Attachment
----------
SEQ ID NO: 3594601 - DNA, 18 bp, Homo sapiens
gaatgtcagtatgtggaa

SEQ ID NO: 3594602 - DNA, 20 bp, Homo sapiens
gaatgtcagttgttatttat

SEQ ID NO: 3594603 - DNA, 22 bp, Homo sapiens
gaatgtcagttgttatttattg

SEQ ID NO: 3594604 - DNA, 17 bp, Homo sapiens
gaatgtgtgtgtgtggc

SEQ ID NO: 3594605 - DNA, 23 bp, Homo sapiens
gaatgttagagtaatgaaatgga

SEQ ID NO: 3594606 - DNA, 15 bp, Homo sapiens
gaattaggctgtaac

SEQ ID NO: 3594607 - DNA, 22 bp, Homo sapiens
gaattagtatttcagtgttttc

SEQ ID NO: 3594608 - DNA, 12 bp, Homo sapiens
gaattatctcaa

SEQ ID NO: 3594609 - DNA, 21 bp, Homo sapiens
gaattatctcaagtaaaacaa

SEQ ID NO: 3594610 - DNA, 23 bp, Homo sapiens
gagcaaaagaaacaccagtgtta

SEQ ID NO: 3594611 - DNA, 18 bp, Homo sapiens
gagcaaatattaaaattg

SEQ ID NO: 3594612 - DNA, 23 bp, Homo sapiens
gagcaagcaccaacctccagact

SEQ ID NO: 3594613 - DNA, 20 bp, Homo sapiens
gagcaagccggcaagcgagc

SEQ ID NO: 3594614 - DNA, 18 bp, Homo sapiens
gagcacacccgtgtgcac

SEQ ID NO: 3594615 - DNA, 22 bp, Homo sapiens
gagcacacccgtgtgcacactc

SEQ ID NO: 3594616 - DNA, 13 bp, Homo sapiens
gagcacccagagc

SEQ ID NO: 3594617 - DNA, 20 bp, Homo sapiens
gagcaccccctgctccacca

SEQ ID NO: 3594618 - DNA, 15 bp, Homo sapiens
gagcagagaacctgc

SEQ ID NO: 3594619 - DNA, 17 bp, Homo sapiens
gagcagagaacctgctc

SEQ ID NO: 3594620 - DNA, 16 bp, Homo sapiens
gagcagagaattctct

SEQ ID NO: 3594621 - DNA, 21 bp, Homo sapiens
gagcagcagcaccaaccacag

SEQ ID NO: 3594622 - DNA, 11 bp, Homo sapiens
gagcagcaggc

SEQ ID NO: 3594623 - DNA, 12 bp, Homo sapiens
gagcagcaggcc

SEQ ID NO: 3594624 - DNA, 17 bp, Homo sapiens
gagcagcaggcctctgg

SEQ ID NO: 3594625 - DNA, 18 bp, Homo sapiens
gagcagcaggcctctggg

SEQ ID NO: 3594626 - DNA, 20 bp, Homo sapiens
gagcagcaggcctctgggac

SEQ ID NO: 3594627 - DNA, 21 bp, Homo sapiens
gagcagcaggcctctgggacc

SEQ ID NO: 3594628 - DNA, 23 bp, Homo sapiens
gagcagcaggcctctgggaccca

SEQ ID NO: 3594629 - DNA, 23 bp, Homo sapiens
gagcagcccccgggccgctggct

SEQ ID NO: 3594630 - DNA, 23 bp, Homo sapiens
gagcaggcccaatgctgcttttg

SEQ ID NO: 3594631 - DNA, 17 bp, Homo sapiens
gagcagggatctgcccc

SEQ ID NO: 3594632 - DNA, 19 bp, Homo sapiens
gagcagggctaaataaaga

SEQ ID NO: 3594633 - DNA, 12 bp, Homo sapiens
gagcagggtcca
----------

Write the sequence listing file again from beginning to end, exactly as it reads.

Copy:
SEQ ID NO: 3594601 - DNA, 18 bp, Homo sapiens
gaatgtcagtatgtggaa

SEQ ID NO: 3594602 - DNA, 20 bp, Homo sapiens
gaatgtcagttgttatttat

SEQ ID NO: 3594603 - DNA, 22 bp, Homo sapiens
gaatgtcagttgttatttattg

SEQ ID NO: 3594604 - DNA, 17 bp, Homo sapiens
gaatgtgtgtgtgtggc

SEQ ID NO: 3594605 - DNA, 23 bp, Homo sapiens
gaatgttagagtaatgaaatgga

SEQ ID NO: 3594606 - DNA, 15 bp, Homo sapiens
gaattaggctgtaac

SEQ ID NO: 3594607 - DNA, 22 bp, Homo sapiens
gaattagtatttcagtgttttc

SEQ ID NO: 3594608 - DNA, 12 bp, Homo sapiens
gaattatctcaa

SEQ ID NO: 3594609 - DNA, 21 bp, Homo sapiens
gaattatctcaagtaaaacaa

SEQ ID NO: 3594610 - DNA, 23 bp, Homo sapiens
gagcaaaagaaacaccagtgtta

SEQ ID NO: 3594611 - DNA, 18 bp, Homo sapiens
gagcaaatattaaaattg

SEQ ID NO: 3594612 - DNA, 23 bp, Homo sapiens
gagcaagcaccaacctccagact

SEQ ID NO: 3594613 - DNA, 20 bp, Homo sapiens
gagcaagccggcaagcgagc

SEQ ID NO: 3594614 - DNA, 18 bp, Homo sapiens
gagcacacccgtgtgcac

SEQ ID NO: 3594615 - DNA, 22 bp, Homo sapiens
gagcacacccgtgtgcacactc

SEQ ID NO: 3594616 - DNA, 13 bp, Homo sapiens
gagcacccagagc

SEQ ID NO: 3594617 - DNA, 20 bp, Homo sapiens
gagcaccccctgctccacca

SEQ ID NO: 3594618 - DNA, 15 bp, Homo sapiens
gagcagagaacctgc

SEQ ID NO: 3594619 - DNA, 17 bp, Homo sapiens
gagcagagaacctgctc

SEQ ID NO: 3594620 - DNA, 16 bp, Homo sapiens
gagcagagaattctct

SEQ ID NO: 3594621 - DNA, 21 bp, Homo sapiens
gagcagcagcaccaaccacag

SEQ ID NO: 3594622 - DNA, 11 bp, Homo sapiens
gagcagcaggc

SEQ ID NO: 3594623 - DNA, 12 bp, Homo sapiens
gagcagcaggcc

SEQ ID NO: 3594624 - DNA, 17 bp, Homo sapiens
gagcagcaggcctctgg

SEQ ID NO: 3594625 - DNA, 18 bp, Homo sapiens
gagcagcaggcctctggg

SEQ ID NO: 3594626 - DNA, 20 bp, Homo sapiens
gagcagcaggcctctgggac

SEQ ID NO: 3594627 - DNA, 21 bp, Homo sapiens
gagcagcaggcctctgggacc

SEQ ID NO: 3594628 - DNA, 23 bp, Homo sapiens
gagcagcaggcctctgggaccca

SEQ ID NO: 3594629 - DNA, 23 bp, Homo sapiens
gagcagcccccgggccgctggct

SEQ ID NO: 3594630 - DNA, 23 bp, Homo sapiens
gagcaggcccaatgctgcttttg

SEQ ID NO: 3594631 - DNA, 17 bp, Homo sapiens
gagcagggatctgcccc

SEQ ID NO: 3594632 - DNA, 19 bp, Homo sapiens
gagcagggctaaataaaga

SEQ ID NO: 3594633 - DNA, 12 bp, Homo sapiens
gagcagggtcca